Tulsi Gabbard

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EAllusion
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Re: Tulsi Gabbard

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honorentheos wrote:Question for you, EAllusion. Maybe off topic but since it's come up in this thread I'll ask it here. Given your Libertarian views, what are your thoughts on managing entitlement programs going forward?

I favor the reforms Biden traditionally has and would, like Biden, try to use them as a bargaining chip for other reforms I want too. It's a shame that Biden feels compelled to run away from this because it's bad politics for the Dem primary.

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Re: Tulsi Gabbard

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DoubtingThomas wrote:It is not extremely minimal in NH (a must win state for Sanders). At the time Sanders din't know Gabbard wasn't going to rise in the polls.

Gabbard is a bad candidate who has a minimal impact on the polls. Warren is a top tier candidate who can, and has, significantly sliced into Sanders' voting demographics. This was conventional wisdom and is correct. That Sanders would act with regard to this conventional understanding would not be a surprising fact in want of explanation.

So what is your evidence?

I linked an article from the Intercept on this very point.

No, we are giving Warren the benefit of the doubt by assuming that Sanders made a sexist comment. But when Warren was asked, "Did Sanders say.... " She should have said "No comment" "or "I don't recall" or "Sanders is not a sexist".

When taken with your history of appalling sexist comments, this reads very poorly. No, she isn't obligated to avoid saying what she had already said in private to avoid hurting Sanders. She can say what she thinks happened if that's what she thinks happened.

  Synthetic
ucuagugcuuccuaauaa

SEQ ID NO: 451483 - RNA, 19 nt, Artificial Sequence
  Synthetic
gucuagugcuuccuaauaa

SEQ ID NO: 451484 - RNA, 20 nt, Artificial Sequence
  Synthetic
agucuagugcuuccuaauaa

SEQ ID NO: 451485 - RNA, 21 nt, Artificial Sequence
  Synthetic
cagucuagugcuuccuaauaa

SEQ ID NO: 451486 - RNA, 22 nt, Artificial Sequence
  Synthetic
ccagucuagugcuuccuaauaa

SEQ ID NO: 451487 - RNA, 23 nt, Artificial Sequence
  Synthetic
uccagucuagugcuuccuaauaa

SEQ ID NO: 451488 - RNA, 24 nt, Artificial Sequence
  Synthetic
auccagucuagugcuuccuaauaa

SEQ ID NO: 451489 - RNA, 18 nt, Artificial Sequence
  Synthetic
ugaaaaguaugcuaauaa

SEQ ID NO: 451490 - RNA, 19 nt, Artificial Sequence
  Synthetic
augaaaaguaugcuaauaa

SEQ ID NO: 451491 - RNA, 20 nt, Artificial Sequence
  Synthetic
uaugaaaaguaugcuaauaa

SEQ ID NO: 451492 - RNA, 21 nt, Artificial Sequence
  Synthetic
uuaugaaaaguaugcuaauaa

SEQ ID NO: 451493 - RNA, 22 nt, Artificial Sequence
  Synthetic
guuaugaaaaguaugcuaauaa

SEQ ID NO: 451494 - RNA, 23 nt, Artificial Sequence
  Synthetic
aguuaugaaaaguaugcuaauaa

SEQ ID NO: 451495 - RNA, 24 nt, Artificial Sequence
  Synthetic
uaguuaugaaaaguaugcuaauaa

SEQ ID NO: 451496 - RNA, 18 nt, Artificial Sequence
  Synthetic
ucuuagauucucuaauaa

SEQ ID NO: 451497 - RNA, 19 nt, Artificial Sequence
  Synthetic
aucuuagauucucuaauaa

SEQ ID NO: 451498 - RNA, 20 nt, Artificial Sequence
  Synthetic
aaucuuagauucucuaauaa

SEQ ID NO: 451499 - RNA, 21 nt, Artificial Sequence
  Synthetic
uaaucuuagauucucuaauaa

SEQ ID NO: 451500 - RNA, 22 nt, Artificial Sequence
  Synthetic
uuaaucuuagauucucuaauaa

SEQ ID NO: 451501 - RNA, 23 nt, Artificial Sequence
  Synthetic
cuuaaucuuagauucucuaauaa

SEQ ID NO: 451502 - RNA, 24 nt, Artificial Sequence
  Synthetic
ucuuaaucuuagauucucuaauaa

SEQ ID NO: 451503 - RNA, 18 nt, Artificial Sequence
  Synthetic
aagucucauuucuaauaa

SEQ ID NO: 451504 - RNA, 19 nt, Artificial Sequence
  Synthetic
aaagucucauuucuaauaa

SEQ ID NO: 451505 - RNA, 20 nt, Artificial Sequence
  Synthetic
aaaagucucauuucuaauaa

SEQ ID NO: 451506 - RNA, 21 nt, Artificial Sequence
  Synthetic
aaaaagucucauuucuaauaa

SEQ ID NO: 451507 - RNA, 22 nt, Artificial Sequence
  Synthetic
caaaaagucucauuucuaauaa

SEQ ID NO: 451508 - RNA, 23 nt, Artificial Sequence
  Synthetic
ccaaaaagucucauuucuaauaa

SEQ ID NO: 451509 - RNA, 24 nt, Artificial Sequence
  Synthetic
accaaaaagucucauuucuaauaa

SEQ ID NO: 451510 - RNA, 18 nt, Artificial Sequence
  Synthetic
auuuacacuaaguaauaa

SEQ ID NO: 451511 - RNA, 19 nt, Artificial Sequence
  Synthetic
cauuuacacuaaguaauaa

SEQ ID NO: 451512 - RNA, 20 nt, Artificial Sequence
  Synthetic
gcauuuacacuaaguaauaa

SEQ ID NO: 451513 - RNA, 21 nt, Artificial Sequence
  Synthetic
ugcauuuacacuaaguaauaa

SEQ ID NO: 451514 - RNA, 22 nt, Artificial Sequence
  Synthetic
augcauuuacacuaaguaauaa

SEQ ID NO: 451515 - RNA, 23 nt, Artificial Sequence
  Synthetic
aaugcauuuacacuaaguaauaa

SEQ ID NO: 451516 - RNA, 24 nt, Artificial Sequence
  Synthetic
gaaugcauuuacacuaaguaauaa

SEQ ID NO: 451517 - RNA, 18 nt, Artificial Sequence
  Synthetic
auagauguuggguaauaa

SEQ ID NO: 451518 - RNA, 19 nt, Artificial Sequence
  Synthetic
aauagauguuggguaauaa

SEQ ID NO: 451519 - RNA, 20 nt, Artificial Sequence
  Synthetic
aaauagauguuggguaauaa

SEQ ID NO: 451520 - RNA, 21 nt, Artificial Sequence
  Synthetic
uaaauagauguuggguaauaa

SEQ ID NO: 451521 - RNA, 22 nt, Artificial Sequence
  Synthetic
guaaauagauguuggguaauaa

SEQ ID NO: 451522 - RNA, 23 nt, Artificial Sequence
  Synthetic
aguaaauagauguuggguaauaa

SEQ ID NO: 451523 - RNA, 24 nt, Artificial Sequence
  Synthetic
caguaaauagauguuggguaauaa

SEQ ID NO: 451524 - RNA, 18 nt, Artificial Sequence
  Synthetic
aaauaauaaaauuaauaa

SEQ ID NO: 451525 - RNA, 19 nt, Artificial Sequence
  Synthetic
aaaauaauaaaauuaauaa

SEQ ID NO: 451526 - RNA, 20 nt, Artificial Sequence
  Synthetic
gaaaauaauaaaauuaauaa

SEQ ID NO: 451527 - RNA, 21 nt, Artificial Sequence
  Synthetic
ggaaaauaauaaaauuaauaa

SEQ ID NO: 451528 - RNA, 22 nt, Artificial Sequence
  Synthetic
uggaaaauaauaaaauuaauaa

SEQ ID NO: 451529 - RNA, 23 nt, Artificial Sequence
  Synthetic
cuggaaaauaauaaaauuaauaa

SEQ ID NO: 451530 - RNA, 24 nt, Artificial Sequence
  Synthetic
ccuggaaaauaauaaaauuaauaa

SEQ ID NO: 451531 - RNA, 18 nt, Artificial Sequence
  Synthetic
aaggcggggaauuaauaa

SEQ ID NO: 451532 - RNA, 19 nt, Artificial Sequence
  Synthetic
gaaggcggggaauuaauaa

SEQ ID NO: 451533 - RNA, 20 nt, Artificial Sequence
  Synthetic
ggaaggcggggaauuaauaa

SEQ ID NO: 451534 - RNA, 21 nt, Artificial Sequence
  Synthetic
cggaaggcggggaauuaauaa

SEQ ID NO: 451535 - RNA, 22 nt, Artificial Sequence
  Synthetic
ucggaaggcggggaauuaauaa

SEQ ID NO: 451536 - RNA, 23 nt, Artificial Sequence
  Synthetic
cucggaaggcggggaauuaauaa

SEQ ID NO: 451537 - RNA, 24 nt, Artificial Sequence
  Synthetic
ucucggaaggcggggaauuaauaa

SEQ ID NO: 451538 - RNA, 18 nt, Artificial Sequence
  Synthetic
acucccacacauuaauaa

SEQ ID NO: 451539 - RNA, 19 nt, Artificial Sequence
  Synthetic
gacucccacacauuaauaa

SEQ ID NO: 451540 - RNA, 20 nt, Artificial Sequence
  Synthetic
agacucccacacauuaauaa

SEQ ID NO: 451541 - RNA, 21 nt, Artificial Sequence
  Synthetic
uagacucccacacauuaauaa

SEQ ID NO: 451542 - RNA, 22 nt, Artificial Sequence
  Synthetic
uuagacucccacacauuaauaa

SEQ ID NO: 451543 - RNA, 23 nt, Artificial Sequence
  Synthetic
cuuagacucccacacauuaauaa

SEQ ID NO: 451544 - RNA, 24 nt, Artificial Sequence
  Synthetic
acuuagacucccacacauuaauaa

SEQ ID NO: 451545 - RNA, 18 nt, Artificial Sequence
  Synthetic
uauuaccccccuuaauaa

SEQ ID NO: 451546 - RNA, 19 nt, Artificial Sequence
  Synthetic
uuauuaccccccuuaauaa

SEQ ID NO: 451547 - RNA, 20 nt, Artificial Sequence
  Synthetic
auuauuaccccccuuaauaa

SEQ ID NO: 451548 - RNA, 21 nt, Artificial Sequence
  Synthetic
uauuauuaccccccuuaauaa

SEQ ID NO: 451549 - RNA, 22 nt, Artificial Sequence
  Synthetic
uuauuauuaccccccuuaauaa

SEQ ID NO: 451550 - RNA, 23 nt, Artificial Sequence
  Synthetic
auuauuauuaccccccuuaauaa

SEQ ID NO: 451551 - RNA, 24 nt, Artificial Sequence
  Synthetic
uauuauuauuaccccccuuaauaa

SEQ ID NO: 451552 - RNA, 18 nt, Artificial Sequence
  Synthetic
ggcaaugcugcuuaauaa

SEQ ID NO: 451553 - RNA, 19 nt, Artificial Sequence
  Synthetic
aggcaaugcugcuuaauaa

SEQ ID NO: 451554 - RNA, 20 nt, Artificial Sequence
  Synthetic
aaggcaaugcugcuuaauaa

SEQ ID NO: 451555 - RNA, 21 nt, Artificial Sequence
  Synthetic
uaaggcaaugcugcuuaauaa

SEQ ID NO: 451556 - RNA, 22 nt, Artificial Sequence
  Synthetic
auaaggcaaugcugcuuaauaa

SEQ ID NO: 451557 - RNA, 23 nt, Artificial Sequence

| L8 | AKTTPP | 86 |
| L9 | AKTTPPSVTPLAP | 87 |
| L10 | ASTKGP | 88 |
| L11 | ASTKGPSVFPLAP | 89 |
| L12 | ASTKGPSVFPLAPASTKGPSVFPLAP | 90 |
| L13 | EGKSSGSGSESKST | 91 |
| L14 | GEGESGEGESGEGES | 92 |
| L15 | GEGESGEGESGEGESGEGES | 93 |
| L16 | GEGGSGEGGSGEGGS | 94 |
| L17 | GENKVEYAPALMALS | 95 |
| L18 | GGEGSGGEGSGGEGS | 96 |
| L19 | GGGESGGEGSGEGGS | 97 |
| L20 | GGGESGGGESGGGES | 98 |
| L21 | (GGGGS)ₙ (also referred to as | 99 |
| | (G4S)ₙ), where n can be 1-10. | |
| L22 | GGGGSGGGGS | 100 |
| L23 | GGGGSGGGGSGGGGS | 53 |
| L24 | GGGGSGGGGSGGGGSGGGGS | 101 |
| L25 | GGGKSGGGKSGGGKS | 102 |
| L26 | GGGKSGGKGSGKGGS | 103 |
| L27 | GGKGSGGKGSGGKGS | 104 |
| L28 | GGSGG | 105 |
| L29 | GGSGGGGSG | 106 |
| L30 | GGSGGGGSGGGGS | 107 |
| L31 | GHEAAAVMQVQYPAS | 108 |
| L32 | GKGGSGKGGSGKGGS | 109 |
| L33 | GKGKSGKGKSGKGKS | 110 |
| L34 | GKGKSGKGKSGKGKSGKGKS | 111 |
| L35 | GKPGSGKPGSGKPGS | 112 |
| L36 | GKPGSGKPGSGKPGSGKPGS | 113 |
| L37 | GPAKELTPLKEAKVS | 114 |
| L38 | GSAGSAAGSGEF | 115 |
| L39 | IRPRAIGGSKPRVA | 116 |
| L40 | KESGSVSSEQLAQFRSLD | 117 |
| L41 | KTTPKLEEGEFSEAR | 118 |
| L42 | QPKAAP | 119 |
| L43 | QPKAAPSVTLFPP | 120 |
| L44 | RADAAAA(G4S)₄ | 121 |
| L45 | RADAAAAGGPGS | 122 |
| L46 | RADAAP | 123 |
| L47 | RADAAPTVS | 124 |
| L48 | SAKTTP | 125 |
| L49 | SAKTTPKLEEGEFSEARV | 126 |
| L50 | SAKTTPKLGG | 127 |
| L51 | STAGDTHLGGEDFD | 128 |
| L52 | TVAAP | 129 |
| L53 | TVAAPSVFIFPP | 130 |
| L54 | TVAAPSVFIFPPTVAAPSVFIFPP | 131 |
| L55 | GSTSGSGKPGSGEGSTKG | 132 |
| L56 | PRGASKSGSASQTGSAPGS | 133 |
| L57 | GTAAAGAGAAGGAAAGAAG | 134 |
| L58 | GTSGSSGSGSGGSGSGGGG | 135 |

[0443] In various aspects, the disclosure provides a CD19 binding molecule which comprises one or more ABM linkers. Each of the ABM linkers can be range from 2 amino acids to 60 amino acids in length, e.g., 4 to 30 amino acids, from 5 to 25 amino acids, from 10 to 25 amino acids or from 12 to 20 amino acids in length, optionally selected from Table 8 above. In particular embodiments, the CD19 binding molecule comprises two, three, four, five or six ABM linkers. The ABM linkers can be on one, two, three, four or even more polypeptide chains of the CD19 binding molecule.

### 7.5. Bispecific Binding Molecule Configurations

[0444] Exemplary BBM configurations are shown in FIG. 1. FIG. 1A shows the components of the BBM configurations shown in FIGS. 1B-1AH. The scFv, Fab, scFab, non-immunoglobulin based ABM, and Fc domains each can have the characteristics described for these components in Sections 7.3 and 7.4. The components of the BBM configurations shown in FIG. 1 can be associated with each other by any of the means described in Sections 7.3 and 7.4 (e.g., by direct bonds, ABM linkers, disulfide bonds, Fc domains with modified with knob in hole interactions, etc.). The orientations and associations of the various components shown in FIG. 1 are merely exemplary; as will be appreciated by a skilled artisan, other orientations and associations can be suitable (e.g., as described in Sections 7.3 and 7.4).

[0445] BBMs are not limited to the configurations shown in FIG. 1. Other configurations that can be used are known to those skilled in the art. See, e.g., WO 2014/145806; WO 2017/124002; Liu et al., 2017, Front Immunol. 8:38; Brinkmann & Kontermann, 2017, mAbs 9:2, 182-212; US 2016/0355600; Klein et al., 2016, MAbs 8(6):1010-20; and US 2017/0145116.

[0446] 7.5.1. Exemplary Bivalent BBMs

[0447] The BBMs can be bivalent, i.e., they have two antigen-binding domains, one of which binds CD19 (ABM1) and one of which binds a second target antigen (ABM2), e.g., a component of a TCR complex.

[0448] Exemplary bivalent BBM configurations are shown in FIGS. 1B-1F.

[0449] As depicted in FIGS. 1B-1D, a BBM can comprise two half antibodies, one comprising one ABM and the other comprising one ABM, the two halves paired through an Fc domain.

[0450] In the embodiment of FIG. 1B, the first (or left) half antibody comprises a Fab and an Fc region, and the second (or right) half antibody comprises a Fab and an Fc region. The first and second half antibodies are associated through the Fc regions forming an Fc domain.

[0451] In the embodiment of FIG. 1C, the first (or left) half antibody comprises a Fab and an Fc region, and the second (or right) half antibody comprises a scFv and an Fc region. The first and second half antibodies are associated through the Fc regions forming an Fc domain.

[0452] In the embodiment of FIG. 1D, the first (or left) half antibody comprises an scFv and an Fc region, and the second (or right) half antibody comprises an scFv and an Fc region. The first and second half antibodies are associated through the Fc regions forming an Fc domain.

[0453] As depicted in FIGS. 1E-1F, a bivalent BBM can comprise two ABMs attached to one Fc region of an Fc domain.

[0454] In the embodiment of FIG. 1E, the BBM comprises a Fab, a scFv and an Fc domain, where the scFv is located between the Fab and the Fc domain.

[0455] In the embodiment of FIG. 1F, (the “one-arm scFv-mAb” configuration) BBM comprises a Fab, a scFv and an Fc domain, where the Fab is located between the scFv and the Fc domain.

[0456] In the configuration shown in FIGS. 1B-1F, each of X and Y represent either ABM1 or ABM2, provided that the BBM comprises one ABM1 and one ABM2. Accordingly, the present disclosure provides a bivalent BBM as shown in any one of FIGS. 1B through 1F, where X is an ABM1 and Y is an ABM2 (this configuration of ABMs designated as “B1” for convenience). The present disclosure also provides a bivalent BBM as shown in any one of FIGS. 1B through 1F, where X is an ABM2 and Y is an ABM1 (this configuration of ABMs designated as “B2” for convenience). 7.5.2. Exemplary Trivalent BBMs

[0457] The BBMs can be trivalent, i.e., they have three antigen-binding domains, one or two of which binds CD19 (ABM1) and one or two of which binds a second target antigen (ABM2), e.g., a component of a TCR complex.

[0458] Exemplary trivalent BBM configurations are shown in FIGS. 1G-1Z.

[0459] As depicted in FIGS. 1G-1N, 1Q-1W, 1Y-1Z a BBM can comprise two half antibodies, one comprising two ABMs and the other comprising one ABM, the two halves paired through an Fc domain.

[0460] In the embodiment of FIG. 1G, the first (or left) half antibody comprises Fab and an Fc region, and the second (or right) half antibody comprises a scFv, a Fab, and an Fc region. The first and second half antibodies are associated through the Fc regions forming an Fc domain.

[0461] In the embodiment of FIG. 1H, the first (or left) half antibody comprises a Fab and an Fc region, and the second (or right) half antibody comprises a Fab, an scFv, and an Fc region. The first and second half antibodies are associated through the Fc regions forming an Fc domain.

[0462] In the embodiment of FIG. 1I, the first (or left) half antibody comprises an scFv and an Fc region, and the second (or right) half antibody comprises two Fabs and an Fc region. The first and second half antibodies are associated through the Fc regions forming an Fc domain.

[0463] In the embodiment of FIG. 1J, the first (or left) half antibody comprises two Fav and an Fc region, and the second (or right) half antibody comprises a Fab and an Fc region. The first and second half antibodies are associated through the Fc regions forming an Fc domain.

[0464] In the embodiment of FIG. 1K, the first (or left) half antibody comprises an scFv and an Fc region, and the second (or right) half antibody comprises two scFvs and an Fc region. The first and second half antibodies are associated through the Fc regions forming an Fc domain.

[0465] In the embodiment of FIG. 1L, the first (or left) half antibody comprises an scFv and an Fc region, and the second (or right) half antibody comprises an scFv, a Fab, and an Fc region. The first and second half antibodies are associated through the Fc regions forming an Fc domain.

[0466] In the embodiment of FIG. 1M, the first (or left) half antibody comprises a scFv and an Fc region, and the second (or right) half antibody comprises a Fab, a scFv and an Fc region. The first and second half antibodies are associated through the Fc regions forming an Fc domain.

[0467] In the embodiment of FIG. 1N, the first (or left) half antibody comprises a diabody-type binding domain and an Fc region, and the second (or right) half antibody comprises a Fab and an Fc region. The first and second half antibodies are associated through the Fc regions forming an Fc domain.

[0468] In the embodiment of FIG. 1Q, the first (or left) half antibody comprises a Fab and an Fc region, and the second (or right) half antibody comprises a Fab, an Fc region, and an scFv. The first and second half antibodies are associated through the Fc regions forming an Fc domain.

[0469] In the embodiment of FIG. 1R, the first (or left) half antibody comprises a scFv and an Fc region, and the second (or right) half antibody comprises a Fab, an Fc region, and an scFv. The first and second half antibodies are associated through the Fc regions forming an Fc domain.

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Re: Tulsi Gabbard

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EAllusion wrote: She can say what she thinks happened if that's what she thinks happened.

Okay, but Warren didn't have to falsely accuse Sanders of calling her a liar. Warren was expecting Sanders to deny the alleged comments, so there was no real reason for her to get mad at the end of the debate, it it is very suspicious. I don't think Warren is stupid, it is likely that she was trying to politically hurt Sanders at least at the end of the debate.

EAllusion wrote:I linked an article from the Intercept on this very point.

Okay.

EAllusion wrote:When taken with your history of appalling sexist comments, this reads very poorly.

I will likely vote for the most feminist candidate in history, but you accuse me of sexism? Wow. Is it because of the STEM topic? By the way, did you read

This is a paradox, because gender-equal countries are those that give girls and women more educational and empowerment opportunities and that generally promote girls’ and women’s engagement in STEM fields (e.g., Williams & Ceci, 2015)....We propose that when boys are relatively better in science and mathematics while girls are relatively better at reading than other academic areas, there is the potential for substantive sex differences to emerge in STEM-related educational pathways. The differences are expected on the basis of expectancy-value theory and are consistent with prior research (Eccles, 1983; Wang & Degol, 2013). The differences emerge from a seemingly rational choice to pursue academic paths that are a personal strength, which also seems to be common academic advice given to students, at least in the United Kingdom (e.g., Gardner, 2016; Universities and Colleges Admissions Service, 2015).

Independent of absolute levels of performance, boys on average had personal academic strengths in science and mathematics, and girls in reading comprehension. Thus, even when girls’ absolute science scores were higher than those of boys, as in Finland, boys were often better in science relative to their overall academic average. Similarly, girls might have scored higher than boys in science, but they were often even better in reading...We also found that boys often expressed higher self-efficacy, more joy in science and a broader interest in science than girls. These differences were also larger in more gender equal countries, and were related to the students’ personal academic strength.

https://journals.sagepub.com/doi/abs/10 ... lCode=pssa

I am just curious to know if you read it. Sharing studies, data, and controversial topics doesn't make me a sexist.